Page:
TIME climate change

Get Ready for More High-Tide Flooding on the U.S. Coast, Report Says

The number of high-tide floods is set to triple in coastal communities by 2030, according to a new report

Rising sea levels are causing more frequent flooding in coastal areas in the U.S., scientists said in a new report released Wednesday, with the number of high-tide floods set to triple in coastal communities from Texas to Maine by 2030.

Many East Coast cities and towns already see dozens of tidal floods each year even in the absence of storms, covering coastal roads and damaging homes, said the Union of Concerned Scientists.

Researchers found that more than half of the 52 communities studied in the report will average more than two dozen tidal floods per year by 2030, and one-third will see tidal flooding more than 180 times a year by 2045 due to sea level rises induced by global warming.

Cities including Miami, Washington, DC, Atlantic City and Charleston will see a dramatic increase in the number of flooding events. Moreover, floods will get worse and cause more damage further and further inland as sea levels continue to rise, according to the report.

Global sea levels rose eight inches from 1880 to 2009 as global warming accelerated the melting of land-based ice and expanded seawater as it heated up.

The National Oceanic and Atmospheric Administration found earlier this year that flooding has increased on all three U.S. coasts by between 300% and 925% since the 1960s, USA Today reports.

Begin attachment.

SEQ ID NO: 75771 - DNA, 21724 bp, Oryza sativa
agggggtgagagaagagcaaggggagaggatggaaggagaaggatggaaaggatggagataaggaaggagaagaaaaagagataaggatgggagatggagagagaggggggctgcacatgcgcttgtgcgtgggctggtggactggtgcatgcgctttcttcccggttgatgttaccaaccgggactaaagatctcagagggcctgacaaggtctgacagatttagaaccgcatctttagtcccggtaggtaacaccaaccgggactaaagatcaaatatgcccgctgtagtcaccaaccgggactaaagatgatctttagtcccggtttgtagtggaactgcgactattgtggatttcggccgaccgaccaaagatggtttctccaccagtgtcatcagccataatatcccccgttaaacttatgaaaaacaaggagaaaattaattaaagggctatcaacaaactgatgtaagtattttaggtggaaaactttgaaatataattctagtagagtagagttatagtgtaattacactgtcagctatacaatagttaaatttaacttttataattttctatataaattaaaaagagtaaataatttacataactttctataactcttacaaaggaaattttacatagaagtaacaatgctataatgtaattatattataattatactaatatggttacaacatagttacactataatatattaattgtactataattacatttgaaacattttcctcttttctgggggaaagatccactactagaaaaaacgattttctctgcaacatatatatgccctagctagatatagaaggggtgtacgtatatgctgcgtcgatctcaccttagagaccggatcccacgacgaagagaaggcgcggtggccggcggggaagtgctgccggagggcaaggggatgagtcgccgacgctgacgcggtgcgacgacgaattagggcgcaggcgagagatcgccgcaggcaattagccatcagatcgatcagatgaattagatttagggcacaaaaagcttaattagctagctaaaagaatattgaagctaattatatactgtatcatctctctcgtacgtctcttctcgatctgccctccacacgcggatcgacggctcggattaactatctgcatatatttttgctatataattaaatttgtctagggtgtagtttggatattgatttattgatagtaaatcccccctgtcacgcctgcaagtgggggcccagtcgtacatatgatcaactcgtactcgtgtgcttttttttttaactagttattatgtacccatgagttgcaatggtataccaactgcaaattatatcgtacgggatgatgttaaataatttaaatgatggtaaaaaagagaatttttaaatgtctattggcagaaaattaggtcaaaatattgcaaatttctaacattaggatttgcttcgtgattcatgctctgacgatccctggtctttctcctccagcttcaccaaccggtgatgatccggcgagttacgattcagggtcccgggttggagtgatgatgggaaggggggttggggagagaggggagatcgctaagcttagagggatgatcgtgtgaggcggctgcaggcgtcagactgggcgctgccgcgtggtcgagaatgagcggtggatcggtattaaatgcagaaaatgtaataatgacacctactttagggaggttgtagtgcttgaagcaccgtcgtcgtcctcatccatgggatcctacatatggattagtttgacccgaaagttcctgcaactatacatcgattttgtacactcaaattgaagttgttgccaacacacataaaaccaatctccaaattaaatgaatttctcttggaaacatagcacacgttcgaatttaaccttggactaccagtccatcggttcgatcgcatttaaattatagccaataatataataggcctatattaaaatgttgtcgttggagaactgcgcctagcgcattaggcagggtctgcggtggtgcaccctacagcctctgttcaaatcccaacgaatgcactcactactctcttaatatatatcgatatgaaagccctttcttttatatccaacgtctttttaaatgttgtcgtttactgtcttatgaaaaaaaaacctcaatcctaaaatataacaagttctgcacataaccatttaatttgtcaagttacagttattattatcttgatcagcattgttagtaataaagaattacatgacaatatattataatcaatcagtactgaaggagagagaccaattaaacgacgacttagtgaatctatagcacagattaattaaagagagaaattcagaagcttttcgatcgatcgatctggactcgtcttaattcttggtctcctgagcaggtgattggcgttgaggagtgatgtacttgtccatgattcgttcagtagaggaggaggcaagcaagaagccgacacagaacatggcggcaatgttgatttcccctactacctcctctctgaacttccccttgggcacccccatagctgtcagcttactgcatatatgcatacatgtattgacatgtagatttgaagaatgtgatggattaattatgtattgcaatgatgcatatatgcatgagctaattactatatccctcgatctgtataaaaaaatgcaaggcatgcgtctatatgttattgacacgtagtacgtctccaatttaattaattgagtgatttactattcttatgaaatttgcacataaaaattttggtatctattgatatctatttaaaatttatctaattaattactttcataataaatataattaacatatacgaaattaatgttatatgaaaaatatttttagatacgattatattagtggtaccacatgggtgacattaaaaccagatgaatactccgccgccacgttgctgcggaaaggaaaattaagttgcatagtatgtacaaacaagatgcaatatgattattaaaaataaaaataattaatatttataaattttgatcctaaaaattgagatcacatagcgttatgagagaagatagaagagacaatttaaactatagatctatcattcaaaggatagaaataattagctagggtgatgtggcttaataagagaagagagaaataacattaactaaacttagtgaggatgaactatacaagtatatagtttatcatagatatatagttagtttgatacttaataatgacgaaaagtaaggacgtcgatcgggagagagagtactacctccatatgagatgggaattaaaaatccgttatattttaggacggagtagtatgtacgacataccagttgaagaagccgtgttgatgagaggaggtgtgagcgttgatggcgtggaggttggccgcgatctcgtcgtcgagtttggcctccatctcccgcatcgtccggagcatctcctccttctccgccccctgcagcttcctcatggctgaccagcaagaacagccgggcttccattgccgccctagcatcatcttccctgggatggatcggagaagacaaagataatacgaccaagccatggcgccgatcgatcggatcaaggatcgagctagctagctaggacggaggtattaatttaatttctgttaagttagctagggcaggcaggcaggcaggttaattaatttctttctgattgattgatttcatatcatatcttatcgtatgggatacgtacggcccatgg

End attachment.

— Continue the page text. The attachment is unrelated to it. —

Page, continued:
Around 100 million people, or nearly one-third of the U.S. population, live in coastal counties, said Melanie Fitzpatrick, a climate scientist at UCS.

“Several decades ago, flooding at high tide was simply not a problem,” said Fitzpatrick. “Today, when the tide is extra high, people find themselves splashing through downtown Miami, Norfolk and Annapolis on sunny days and dealing with flooded roads in Atlantic City, Savannah and the coast of New Hampshire.”

TIME space

Watch the Blood Moon Lunar Eclipse in One GIF

Blood moon lunar eclipse 2014
Ritchie B. Tongo—EPA (7); Gif by Mia Tramz for TIME

For those who were able to see it in person, Wednesday morning’s Blood Moon lunar eclipse didn’t disappoint as skywatchers spotted Earth’s always-orbiting pal turn a deep shade of red.

Why that color? During a Blood Moon lunar eclipse, Earth gets between the Sun and the moon, casting a shadow on the lunar surface. The red color comes as Earth’s atmosphere scatters the sunlight, stripping away blue light and leaving behind the red to reach the moon’s surface.

If you missed Wednesday’s Blood Moon — the second of the year and fourth lunar eclipse — check it out here in a single GIF. Then check out past Blood Moons, too.

TIME space

See the Best Photos of Wednesday Morning’s Blood Moon

The second blood moon - and fourth lunar eclipse - of 2014 did not disappoint

TIME Chemistry

2 Americans, 1 German Win Chemistry Nobel

A screen showing the names and pictures of the laureates of the 2014 Nobel Prize for Chemistry, is pictured at the Royal Swedish Academy of Sciences in Stockholm Oct. 8, 2014.